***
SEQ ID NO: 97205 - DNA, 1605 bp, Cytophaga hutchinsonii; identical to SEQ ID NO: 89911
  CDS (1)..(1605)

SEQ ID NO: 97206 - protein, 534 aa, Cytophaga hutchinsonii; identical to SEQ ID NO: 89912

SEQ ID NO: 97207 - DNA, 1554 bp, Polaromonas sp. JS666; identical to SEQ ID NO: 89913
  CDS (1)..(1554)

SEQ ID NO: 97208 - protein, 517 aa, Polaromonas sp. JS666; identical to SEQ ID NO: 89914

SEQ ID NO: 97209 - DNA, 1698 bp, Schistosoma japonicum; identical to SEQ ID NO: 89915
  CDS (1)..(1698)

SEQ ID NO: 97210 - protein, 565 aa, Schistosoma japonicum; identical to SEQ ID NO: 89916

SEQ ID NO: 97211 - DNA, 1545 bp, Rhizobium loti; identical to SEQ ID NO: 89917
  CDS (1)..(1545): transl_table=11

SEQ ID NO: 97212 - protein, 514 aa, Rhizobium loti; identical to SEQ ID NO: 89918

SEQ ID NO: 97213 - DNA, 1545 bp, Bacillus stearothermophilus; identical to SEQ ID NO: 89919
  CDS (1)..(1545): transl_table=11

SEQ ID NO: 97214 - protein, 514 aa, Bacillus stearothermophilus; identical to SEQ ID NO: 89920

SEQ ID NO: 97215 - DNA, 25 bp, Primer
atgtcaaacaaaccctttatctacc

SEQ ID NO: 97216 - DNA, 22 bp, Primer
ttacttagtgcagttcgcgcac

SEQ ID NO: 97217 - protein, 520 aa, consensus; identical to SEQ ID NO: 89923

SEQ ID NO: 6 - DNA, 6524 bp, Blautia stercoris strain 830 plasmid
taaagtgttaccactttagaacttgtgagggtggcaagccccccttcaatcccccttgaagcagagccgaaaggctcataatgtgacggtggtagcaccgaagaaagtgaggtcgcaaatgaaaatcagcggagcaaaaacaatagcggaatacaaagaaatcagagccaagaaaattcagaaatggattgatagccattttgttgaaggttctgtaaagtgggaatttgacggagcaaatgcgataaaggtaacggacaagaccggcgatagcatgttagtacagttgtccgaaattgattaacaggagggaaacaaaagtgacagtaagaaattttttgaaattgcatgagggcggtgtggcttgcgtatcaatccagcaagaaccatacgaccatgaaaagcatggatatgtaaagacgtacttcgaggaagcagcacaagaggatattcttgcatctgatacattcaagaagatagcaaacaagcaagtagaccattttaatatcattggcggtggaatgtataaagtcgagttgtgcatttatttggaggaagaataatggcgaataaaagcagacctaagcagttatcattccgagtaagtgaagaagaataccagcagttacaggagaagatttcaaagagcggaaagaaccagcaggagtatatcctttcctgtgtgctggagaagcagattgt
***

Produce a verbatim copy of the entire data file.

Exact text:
SEQ ID NO: 97205 - DNA, 1605 bp, Cytophaga hutchinsonii; identical to SEQ ID NO: 89911
  CDS (1)..(1605)

SEQ ID NO: 97206 - protein, 534 aa, Cytophaga hutchinsonii; identical to SEQ ID NO: 89912

SEQ ID NO: 97207 - DNA, 1554 bp, Polaromonas sp. JS666; identical to SEQ ID NO: 89913
  CDS (1)..(1554)

SEQ ID NO: 97208 - protein, 517 aa, Polaromonas sp. JS666; identical to SEQ ID NO: 89914

SEQ ID NO: 97209 - DNA, 1698 bp, Schistosoma japonicum; identical to SEQ ID NO: 89915
  CDS (1)..(1698)

SEQ ID NO: 97210 - protein, 565 aa, Schistosoma japonicum; identical to SEQ ID NO: 89916

SEQ ID NO: 97211 - DNA, 1545 bp, Rhizobium loti; identical to SEQ ID NO: 89917
  CDS (1)..(1545): transl_table=11

SEQ ID NO: 97212 - protein, 514 aa, Rhizobium loti; identical to SEQ ID NO: 89918

SEQ ID NO: 97213 - DNA, 1545 bp, Bacillus stearothermophilus; identical to SEQ ID NO: 89919
  CDS (1)..(1545): transl_table=11

SEQ ID NO: 97214 - protein, 514 aa, Bacillus stearothermophilus; identical to SEQ ID NO: 89920

SEQ ID NO: 97215 - DNA, 25 bp, Primer
atgtcaaacaaaccctttatctacc

SEQ ID NO: 97216 - DNA, 22 bp, Primer
ttacttagtgcagttcgcgcac

SEQ ID NO: 97217 - protein, 520 aa, consensus; identical to SEQ ID NO: 89923

SEQ ID NO: 6 - DNA, 6524 bp, Blautia stercoris strain 830 plasmid
taaagtgttaccactttagaacttgtgagggtggcaagccccccttcaatcccccttgaagcagagccgaaaggctcataatgtgacggtggtagcaccgaagaaagtgaggtcgcaaatgaaaatcagcggagcaaaaacaatagcggaatacaaagaaatcagagccaagaaaattcagaaatggattgatagccattttgttgaaggttctgtaaagtgggaatttgacggagcaaatgcgataaaggtaacggacaagaccggcgatagcatgttagtacagttgtccgaaattgattaacaggagggaaacaaaagtgacagtaagaaattttttgaaattgcatgagggcggtgtggcttgcgtatcaatccagcaagaaccatacgaccatgaaaagcatggatatgtaaagacgtacttcgaggaagcagcacaagaggatattcttgcatctgatacattcaagaagatagcaaacaagcaagtagaccattttaatatcattggcggtggaatgtataaagtcgagttgtgcatttatttggaggaagaataatggcgaataaaagcagacctaagcagttatcattccgagtaagtgaagaagaataccagcagttacaggagaagatttcaaagagcggaaagaaccagcaggagtatatcctttcctgtgtgctggagaagcagattgt